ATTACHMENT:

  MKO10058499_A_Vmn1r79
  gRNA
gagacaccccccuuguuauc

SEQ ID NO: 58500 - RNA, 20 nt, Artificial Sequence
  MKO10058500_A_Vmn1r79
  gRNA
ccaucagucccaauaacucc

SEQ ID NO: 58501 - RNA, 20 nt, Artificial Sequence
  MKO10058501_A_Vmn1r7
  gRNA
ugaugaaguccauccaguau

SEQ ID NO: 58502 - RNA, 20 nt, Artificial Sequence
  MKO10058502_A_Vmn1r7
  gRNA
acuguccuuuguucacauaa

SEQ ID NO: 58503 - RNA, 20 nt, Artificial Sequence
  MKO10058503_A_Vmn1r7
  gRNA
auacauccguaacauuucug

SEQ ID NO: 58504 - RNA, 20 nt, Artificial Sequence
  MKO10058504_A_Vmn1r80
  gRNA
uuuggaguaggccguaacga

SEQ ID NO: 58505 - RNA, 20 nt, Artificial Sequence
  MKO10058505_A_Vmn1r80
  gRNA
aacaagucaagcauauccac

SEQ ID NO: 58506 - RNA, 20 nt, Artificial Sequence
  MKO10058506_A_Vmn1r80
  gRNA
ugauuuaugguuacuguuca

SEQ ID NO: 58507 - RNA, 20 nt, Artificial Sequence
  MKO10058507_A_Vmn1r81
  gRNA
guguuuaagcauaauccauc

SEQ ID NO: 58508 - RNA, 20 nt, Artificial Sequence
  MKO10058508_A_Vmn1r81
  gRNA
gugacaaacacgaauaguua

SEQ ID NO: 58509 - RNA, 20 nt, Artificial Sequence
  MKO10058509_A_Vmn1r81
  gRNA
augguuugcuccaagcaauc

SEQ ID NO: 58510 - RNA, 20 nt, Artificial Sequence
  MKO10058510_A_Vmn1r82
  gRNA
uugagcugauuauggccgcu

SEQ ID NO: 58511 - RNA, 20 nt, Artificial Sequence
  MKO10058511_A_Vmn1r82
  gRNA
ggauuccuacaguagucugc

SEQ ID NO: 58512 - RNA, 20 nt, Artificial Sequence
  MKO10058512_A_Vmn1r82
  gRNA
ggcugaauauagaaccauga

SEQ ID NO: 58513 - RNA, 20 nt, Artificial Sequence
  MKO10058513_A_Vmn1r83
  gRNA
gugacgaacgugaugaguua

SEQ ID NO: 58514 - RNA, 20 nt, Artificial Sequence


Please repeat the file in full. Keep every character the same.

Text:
  MKO10058499_A_Vmn1r79
  gRNA
gagacaccccccuuguuauc

SEQ ID NO: 58500 - RNA, 20 nt, Artificial Sequence
  MKO10058500_A_Vmn1r79
  gRNA
ccaucagucccaauaacucc

SEQ ID NO: 58501 - RNA, 20 nt, Artificial Sequence
  MKO10058501_A_Vmn1r7
  gRNA
ugaugaaguccauccaguau

SEQ ID NO: 58502 - RNA, 20 nt, Artificial Sequence
  MKO10058502_A_Vmn1r7
  gRNA
acuguccuuuguucacauaa

SEQ ID NO: 58503 - RNA, 20 nt, Artificial Sequence
  MKO10058503_A_Vmn1r7
  gRNA
auacauccguaacauuucug

SEQ ID NO: 58504 - RNA, 20 nt, Artificial Sequence
  MKO10058504_A_Vmn1r80
  gRNA
uuuggaguaggccguaacga

SEQ ID NO: 58505 - RNA, 20 nt, Artificial Sequence
  MKO10058505_A_Vmn1r80
  gRNA
aacaagucaagcauauccac

SEQ ID NO: 58506 - RNA, 20 nt, Artificial Sequence
  MKO10058506_A_Vmn1r80
  gRNA
ugauuuaugguuacuguuca

SEQ ID NO: 58507 - RNA, 20 nt, Artificial Sequence
  MKO10058507_A_Vmn1r81
  gRNA
guguuuaagcauaauccauc

SEQ ID NO: 58508 - RNA, 20 nt, Artificial Sequence
  MKO10058508_A_Vmn1r81
  gRNA
gugacaaacacgaauaguua

SEQ ID NO: 58509 - RNA, 20 nt, Artificial Sequence
  MKO10058509_A_Vmn1r81
  gRNA
augguuugcuccaagcaauc

SEQ ID NO: 58510 - RNA, 20 nt, Artificial Sequence
  MKO10058510_A_Vmn1r82
  gRNA
uugagcugauuauggccgcu

SEQ ID NO: 58511 - RNA, 20 nt, Artificial Sequence
  MKO10058511_A_Vmn1r82
  gRNA
ggauuccuacaguagucugc

SEQ ID NO: 58512 - RNA, 20 nt, Artificial Sequence
  MKO10058512_A_Vmn1r82
  gRNA
ggcugaauauagaaccauga

SEQ ID NO: 58513 - RNA, 20 nt, Artificial Sequence
  MKO10058513_A_Vmn1r83
  gRNA
gugacgaacgugaugaguua

SEQ ID NO: 58514 - RNA, 20 nt, Artificial Sequence